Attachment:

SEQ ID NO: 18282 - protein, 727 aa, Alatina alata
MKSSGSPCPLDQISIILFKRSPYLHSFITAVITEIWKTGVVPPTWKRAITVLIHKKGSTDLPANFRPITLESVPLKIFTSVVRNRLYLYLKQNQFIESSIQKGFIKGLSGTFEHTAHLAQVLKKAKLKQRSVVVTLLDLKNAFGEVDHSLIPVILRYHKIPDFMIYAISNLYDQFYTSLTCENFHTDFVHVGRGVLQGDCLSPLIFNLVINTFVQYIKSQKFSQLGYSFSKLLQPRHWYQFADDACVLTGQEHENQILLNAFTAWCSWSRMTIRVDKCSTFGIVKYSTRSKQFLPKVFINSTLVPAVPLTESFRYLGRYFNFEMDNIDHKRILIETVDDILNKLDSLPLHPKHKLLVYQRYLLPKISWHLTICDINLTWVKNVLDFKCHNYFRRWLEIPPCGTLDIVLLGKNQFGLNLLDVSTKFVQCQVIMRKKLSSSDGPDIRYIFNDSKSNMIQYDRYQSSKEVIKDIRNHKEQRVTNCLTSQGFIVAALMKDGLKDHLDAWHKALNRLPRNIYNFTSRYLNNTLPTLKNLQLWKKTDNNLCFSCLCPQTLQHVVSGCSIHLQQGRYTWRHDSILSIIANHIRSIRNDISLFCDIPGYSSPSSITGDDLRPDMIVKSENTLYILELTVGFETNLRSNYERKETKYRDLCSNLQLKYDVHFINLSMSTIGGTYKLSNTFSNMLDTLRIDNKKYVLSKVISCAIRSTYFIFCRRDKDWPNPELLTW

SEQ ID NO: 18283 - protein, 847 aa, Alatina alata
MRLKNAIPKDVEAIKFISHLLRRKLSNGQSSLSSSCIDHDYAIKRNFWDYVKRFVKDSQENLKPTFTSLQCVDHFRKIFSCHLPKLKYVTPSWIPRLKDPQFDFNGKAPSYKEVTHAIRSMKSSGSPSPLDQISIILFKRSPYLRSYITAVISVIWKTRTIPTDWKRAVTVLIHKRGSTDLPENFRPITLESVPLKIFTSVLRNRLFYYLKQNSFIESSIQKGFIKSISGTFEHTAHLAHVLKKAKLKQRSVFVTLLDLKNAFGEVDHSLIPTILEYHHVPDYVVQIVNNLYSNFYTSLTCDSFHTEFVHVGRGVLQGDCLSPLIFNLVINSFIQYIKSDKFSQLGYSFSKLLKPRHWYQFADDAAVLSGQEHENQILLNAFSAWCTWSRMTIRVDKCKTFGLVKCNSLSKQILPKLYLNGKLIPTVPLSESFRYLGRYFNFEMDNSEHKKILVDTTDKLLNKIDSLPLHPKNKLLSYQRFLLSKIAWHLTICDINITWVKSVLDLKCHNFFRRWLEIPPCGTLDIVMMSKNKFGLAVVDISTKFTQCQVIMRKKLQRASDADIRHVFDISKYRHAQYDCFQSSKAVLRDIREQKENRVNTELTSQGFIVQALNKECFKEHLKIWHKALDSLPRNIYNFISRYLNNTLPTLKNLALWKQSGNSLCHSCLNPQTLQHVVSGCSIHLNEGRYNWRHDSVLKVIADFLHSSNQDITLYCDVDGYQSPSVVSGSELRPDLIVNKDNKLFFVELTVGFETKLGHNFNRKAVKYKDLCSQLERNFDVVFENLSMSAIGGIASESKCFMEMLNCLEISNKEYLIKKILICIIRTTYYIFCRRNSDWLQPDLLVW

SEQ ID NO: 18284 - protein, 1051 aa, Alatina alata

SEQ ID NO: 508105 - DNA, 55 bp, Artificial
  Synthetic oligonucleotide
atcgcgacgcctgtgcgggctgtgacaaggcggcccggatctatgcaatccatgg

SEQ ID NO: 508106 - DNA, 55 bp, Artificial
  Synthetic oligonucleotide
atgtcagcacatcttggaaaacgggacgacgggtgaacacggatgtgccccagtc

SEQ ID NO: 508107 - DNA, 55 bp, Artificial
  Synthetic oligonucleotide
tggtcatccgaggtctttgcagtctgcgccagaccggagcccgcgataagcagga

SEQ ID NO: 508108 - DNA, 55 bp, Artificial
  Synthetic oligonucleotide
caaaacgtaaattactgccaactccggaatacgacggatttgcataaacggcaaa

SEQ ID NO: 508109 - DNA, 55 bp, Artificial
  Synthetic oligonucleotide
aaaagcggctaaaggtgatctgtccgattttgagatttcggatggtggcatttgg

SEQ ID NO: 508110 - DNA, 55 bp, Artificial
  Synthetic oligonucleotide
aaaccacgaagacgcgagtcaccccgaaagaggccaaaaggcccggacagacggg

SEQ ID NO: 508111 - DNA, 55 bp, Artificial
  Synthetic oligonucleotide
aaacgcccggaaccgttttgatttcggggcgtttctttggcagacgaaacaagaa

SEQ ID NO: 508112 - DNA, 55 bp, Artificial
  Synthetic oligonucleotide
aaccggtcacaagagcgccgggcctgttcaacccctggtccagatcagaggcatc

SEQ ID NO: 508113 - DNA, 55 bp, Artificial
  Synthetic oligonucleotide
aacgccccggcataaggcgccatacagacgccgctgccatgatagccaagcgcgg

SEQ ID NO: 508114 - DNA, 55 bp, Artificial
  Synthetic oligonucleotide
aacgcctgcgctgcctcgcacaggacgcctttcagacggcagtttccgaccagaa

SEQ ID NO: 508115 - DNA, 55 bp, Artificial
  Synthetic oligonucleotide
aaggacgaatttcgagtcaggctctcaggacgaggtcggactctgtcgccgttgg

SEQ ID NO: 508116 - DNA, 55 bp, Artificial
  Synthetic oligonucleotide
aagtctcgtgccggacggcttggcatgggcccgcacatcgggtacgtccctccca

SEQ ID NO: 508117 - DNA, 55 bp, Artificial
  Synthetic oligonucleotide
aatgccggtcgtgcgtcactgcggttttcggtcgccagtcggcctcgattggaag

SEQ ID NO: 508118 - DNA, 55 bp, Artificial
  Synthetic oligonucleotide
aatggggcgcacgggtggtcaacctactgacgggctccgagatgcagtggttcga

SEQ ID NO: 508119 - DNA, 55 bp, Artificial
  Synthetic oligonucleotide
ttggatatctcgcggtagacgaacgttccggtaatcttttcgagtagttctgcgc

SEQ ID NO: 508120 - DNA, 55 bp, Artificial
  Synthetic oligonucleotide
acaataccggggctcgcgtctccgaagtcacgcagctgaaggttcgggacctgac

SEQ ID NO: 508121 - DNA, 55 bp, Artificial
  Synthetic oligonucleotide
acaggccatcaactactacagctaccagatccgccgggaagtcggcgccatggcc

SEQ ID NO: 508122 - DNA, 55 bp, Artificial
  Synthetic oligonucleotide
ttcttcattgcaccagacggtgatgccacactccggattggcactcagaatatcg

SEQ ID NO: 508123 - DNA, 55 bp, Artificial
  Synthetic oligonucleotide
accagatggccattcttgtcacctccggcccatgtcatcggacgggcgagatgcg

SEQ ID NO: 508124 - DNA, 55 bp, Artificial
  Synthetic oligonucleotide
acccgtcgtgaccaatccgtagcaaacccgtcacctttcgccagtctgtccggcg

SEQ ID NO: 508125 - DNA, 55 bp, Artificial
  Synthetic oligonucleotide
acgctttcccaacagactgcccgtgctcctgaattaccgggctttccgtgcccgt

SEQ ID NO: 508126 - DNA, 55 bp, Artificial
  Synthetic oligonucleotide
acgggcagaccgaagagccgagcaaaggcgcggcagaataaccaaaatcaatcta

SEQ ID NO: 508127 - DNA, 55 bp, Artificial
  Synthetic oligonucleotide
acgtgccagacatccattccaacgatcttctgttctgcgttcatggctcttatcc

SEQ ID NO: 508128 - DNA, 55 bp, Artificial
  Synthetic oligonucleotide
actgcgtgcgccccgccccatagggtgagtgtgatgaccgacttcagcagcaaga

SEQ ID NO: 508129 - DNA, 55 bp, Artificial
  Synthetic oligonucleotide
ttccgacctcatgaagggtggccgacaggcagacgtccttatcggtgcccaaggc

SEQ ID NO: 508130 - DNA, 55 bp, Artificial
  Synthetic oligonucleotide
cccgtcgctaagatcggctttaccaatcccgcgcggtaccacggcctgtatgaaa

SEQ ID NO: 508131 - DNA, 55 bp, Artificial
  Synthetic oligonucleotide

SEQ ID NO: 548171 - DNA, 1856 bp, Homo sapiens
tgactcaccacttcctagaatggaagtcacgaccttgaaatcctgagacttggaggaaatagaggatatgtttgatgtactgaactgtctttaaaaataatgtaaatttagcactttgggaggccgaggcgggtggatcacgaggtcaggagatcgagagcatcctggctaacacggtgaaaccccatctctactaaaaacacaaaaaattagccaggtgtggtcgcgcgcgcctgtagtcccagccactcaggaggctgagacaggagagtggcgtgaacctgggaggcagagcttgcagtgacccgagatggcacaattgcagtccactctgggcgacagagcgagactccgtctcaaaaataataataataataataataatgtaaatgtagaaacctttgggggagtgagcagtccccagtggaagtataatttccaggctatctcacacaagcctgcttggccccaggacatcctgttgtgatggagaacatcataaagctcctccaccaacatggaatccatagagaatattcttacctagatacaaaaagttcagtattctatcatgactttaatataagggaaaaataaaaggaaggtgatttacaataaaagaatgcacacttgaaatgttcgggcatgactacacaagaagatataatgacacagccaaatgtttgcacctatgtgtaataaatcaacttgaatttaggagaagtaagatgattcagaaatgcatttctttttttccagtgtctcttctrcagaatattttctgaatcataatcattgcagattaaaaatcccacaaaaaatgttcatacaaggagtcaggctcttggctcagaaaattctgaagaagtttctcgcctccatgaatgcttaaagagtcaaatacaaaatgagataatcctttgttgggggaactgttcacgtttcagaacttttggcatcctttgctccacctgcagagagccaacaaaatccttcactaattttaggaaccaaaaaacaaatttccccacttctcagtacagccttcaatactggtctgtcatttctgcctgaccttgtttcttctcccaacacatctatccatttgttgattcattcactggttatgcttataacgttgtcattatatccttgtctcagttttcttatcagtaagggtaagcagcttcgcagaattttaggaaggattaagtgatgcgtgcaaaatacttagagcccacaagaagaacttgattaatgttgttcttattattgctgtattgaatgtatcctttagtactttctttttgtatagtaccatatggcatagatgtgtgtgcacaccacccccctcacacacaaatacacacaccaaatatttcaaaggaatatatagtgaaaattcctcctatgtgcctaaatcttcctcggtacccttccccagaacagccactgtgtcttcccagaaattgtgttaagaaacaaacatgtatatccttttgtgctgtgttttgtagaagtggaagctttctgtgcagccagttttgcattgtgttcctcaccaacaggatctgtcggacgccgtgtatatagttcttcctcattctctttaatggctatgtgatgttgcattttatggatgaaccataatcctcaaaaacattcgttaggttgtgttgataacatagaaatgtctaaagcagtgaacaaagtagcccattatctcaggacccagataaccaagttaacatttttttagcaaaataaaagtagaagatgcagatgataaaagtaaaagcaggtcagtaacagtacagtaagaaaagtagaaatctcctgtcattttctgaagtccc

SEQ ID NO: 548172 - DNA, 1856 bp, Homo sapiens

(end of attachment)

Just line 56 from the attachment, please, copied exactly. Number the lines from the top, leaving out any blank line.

acaggccatcaactactacagctaccagatccgccgggaagtcggcgccatggcc